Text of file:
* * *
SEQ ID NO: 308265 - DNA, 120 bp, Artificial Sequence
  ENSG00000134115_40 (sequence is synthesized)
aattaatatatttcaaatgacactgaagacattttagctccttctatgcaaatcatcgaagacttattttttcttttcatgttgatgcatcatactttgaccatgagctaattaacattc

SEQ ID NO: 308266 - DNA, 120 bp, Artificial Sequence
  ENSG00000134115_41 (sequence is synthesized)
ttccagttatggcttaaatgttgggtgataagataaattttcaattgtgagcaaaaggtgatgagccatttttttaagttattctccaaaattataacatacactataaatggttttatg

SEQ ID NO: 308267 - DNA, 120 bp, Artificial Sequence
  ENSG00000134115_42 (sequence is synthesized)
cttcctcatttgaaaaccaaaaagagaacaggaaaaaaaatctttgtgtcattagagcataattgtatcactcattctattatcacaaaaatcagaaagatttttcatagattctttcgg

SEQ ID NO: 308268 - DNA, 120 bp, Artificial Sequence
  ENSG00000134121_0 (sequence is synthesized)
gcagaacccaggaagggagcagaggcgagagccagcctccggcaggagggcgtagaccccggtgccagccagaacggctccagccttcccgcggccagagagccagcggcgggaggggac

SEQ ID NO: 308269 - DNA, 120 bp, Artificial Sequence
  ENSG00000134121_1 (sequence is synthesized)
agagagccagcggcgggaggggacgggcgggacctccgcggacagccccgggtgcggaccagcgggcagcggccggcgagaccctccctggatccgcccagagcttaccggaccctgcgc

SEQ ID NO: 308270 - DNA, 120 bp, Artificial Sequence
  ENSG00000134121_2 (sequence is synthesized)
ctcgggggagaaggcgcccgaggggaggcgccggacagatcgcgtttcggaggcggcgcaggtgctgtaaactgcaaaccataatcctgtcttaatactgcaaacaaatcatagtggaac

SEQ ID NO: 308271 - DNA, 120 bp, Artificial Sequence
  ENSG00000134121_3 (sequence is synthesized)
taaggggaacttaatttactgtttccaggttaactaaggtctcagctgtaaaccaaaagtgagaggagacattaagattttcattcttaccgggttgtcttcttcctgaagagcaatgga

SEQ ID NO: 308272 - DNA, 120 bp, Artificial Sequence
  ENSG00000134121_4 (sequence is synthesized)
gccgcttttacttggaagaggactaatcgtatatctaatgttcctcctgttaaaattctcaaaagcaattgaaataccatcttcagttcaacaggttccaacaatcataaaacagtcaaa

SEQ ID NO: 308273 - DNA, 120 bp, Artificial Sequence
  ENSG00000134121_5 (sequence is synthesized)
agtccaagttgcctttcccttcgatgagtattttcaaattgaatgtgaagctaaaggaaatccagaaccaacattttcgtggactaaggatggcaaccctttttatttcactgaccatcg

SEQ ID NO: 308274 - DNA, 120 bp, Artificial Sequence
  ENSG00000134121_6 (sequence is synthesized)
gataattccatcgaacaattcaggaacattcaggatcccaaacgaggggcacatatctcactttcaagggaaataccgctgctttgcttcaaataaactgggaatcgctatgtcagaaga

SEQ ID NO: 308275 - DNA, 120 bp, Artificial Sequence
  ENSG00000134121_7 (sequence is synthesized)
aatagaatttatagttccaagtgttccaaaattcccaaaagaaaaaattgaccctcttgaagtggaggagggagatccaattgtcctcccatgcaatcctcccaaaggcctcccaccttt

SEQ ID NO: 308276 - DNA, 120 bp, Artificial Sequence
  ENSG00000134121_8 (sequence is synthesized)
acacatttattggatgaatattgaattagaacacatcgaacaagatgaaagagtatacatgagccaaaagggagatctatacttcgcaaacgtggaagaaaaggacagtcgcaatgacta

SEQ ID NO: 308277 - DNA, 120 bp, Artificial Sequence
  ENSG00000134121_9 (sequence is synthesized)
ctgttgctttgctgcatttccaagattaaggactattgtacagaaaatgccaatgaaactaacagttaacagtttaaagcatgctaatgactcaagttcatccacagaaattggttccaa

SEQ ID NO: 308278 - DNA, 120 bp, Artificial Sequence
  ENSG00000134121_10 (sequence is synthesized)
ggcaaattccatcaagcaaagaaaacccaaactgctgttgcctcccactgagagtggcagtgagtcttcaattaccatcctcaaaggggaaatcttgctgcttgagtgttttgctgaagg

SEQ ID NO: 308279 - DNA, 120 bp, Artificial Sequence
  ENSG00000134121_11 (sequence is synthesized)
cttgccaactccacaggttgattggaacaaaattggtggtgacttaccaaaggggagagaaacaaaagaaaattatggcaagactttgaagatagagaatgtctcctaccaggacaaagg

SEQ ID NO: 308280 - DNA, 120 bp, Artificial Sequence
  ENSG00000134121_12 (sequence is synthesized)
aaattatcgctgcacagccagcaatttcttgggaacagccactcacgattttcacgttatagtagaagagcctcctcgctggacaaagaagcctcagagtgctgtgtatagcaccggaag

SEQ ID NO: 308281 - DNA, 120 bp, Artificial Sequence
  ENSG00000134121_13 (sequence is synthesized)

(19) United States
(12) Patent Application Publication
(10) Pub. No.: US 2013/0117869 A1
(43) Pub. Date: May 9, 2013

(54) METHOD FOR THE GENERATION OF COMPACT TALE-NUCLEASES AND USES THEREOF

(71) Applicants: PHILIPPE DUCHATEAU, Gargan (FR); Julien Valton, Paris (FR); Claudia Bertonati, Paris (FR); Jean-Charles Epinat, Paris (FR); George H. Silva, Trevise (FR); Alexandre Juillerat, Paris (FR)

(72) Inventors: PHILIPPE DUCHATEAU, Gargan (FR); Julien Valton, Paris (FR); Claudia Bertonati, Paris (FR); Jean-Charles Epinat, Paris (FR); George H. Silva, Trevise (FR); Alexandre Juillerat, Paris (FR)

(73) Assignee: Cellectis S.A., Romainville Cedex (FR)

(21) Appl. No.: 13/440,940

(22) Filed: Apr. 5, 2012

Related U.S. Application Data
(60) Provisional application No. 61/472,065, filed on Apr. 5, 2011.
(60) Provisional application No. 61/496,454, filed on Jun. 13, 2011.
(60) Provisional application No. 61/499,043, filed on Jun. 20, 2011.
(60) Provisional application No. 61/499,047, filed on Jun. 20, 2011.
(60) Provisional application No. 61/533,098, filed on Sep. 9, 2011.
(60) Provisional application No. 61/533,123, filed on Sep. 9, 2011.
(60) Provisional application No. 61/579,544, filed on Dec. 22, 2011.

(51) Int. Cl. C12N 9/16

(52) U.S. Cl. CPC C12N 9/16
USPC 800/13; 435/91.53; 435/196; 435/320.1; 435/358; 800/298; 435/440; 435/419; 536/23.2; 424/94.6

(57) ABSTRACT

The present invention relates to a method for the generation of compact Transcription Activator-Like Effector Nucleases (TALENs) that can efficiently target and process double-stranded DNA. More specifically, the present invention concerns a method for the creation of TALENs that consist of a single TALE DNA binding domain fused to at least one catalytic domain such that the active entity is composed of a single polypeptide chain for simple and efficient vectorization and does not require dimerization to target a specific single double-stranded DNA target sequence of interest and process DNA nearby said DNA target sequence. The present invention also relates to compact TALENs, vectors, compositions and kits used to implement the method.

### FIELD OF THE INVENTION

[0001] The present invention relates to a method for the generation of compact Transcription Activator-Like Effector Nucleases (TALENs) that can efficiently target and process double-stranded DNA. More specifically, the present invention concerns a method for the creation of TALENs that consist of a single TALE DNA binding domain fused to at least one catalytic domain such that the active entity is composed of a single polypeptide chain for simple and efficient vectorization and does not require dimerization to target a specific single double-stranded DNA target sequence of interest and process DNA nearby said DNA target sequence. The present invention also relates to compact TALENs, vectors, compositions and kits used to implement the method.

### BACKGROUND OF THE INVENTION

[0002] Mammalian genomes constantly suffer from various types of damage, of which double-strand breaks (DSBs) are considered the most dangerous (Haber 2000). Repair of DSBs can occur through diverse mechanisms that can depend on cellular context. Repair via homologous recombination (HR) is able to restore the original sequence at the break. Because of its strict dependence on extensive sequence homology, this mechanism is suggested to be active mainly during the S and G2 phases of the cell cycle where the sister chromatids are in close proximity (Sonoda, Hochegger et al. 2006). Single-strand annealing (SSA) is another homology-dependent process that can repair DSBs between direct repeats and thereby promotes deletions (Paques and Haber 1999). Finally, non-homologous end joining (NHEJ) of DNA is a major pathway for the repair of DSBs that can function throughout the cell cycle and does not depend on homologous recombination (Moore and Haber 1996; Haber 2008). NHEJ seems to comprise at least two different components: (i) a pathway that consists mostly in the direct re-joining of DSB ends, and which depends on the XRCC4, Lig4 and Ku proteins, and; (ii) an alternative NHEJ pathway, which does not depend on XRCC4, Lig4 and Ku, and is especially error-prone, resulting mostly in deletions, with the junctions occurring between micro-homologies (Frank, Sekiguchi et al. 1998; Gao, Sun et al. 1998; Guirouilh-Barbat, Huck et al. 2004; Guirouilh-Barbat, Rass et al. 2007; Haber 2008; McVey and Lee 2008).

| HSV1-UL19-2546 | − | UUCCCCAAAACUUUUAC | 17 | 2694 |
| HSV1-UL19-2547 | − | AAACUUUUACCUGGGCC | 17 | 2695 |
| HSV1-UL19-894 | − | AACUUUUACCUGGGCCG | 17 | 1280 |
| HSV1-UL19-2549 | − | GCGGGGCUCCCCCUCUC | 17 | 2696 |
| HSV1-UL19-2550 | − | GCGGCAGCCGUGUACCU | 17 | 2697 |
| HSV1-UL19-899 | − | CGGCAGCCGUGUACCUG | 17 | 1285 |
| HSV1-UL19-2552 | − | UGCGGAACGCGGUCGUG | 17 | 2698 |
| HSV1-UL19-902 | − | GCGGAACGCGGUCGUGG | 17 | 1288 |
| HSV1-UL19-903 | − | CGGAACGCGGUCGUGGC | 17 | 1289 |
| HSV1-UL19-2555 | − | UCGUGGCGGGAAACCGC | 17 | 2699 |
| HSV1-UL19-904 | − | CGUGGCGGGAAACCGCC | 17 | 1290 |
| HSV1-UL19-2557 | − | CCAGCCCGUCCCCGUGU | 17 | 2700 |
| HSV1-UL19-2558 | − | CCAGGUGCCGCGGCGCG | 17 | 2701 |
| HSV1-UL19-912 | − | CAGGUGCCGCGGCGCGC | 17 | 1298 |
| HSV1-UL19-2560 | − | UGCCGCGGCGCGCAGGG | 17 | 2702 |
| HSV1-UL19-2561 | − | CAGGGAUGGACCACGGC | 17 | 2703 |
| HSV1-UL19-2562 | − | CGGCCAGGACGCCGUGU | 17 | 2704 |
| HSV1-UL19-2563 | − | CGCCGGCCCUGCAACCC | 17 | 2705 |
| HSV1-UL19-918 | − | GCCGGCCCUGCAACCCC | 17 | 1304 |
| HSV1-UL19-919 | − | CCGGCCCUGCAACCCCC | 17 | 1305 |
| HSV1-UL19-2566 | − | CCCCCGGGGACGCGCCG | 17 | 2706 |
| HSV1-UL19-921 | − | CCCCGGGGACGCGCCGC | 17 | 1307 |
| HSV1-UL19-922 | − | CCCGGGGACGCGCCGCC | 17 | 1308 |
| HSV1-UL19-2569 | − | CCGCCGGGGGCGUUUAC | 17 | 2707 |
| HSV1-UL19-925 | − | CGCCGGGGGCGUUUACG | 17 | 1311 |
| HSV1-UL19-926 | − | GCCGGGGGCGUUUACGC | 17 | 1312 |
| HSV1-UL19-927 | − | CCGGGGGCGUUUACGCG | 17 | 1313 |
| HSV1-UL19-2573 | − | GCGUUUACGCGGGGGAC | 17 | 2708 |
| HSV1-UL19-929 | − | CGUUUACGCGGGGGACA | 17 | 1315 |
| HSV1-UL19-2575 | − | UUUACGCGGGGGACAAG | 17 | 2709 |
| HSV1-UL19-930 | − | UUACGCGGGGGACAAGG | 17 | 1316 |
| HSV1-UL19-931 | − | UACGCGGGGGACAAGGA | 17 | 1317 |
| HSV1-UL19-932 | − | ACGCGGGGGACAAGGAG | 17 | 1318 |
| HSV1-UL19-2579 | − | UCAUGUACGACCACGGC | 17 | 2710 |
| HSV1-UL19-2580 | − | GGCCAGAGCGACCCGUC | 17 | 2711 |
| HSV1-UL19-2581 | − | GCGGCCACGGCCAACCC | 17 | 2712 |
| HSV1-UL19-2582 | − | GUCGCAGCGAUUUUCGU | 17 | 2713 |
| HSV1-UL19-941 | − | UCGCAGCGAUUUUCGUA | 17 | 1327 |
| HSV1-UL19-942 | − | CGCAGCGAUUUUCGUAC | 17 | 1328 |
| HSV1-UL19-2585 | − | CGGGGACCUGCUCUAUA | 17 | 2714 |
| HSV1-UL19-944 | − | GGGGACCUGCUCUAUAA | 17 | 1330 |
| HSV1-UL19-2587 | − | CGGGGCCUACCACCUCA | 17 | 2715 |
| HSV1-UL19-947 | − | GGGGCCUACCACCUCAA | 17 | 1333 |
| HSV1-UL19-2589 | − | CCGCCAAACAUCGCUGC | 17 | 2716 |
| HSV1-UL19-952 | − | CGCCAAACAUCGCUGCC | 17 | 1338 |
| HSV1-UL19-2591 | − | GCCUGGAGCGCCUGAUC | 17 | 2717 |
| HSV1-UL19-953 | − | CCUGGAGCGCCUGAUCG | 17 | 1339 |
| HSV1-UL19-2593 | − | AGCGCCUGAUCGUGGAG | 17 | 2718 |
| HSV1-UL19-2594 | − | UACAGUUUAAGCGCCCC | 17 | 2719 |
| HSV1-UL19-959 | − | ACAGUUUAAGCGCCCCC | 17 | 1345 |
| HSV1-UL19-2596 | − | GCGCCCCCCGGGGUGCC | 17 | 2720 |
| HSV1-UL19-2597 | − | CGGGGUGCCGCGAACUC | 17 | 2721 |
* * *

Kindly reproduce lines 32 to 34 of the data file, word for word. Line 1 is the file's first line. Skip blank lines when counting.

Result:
  ENSG00000134121_7 (sequence is synthesized)
aatagaatttatagttccaagtgttccaaaattcccaaaagaaaaaattgaccctcttgaagtggaggagggagatccaattgtcctcccatgcaatcctcccaaaggcctcccaccttt

SEQ ID NO: 308276 - DNA, 120 bp, Artificial Sequence